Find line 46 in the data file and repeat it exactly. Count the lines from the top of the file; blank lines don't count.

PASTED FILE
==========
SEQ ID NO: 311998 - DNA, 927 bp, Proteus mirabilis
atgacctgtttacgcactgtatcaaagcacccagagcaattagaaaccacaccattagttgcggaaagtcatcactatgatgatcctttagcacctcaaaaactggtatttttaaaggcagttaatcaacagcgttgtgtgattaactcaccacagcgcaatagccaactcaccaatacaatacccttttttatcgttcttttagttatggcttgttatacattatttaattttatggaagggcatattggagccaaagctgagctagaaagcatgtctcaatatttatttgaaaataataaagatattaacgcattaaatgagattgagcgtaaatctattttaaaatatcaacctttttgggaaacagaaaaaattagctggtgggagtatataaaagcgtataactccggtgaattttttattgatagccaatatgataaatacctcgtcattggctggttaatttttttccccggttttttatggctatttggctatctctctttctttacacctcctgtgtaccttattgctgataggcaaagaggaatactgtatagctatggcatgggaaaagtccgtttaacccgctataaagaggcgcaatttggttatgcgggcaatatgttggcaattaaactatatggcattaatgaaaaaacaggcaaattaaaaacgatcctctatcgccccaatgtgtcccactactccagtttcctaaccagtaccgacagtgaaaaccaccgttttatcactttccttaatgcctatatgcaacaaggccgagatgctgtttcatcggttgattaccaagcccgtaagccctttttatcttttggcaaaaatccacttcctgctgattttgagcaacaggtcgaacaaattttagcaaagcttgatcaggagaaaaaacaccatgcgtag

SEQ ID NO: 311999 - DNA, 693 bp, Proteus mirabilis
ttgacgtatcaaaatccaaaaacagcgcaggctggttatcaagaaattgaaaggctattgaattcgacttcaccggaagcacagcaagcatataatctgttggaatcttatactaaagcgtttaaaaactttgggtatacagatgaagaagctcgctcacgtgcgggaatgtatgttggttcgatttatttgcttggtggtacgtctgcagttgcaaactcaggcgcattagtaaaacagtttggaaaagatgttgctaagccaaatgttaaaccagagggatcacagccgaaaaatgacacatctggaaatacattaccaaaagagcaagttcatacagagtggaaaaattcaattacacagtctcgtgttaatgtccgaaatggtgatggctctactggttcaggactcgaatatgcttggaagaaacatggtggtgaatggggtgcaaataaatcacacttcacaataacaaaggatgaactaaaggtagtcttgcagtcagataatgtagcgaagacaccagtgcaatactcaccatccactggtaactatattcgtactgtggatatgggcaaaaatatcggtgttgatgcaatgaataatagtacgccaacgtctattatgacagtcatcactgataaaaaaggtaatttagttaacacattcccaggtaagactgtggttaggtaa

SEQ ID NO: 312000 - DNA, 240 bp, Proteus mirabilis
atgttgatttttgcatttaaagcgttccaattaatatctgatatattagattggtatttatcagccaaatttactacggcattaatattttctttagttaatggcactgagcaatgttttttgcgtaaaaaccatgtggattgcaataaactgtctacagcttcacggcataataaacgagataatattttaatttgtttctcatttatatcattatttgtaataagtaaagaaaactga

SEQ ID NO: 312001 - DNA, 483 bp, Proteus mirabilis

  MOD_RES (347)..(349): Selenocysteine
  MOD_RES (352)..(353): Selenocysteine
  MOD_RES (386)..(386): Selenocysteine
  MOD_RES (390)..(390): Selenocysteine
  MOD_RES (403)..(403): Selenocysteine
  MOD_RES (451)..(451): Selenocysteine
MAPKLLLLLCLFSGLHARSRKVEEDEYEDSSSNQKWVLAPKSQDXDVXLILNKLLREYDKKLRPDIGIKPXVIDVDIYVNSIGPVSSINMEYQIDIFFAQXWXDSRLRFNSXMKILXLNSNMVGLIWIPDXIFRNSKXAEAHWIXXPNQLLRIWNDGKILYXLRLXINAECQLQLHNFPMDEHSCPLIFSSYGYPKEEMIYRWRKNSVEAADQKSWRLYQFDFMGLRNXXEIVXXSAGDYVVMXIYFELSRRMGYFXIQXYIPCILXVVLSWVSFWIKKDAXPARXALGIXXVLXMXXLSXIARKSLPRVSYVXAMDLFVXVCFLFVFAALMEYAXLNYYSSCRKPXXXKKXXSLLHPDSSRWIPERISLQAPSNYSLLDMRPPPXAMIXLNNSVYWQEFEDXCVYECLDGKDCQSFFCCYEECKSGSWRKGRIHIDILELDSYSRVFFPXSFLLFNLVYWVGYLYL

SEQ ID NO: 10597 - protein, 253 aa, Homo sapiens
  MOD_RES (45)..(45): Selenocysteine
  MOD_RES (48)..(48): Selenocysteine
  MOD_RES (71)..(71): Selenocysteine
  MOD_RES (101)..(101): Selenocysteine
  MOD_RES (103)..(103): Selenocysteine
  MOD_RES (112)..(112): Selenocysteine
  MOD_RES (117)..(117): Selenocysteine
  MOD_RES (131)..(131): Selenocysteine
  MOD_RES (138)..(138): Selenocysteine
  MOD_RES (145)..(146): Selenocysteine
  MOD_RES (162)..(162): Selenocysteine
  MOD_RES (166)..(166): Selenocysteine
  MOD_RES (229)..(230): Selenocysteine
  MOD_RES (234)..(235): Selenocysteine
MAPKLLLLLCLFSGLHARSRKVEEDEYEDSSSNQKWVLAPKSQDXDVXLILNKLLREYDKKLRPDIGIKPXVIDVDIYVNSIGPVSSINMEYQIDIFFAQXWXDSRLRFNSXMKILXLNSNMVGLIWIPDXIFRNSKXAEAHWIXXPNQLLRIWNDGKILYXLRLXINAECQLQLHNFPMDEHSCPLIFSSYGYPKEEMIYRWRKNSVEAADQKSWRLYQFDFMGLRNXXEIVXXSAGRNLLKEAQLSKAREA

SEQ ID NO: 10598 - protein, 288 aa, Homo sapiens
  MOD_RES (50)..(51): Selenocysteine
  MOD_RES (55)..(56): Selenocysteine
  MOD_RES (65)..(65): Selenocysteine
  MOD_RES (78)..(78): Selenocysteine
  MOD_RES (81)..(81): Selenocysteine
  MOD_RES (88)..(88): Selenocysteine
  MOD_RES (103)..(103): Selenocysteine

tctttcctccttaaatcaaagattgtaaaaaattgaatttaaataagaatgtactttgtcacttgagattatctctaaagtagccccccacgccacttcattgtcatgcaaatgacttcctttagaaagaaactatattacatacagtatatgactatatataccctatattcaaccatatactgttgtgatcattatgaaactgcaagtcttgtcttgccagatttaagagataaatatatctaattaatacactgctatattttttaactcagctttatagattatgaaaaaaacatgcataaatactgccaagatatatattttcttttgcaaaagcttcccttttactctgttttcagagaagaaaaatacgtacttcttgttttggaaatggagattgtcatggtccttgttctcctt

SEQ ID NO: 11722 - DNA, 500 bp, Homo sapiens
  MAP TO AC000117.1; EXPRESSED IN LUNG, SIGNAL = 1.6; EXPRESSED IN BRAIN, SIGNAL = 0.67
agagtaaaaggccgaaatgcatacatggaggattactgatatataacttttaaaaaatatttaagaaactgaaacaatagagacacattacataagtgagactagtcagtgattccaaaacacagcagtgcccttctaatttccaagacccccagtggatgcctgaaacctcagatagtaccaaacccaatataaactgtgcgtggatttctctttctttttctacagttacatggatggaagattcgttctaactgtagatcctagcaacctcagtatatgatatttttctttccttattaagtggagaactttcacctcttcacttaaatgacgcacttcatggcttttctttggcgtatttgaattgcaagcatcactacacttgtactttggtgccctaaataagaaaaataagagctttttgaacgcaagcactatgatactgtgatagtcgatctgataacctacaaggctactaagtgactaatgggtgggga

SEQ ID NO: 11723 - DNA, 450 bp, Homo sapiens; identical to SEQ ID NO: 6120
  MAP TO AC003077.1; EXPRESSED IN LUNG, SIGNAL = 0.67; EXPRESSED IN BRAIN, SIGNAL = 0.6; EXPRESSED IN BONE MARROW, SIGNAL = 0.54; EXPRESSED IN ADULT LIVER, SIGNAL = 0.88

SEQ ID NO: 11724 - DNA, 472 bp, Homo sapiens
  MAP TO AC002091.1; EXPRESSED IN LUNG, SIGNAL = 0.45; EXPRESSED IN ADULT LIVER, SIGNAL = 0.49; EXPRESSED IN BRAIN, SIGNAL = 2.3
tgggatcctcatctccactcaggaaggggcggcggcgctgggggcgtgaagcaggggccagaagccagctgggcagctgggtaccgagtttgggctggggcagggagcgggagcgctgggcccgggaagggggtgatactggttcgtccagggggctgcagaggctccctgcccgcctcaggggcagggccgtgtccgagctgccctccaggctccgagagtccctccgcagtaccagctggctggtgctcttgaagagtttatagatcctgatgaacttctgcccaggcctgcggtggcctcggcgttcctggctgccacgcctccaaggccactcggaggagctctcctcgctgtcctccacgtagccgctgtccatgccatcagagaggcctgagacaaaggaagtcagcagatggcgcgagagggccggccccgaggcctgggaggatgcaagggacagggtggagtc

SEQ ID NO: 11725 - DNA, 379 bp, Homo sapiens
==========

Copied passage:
  MAP TO AC002091.1; EXPRESSED IN LUNG, SIGNAL = 0.45; EXPRESSED IN ADULT LIVER, SIGNAL = 0.49; EXPRESSED IN BRAIN, SIGNAL = 2.3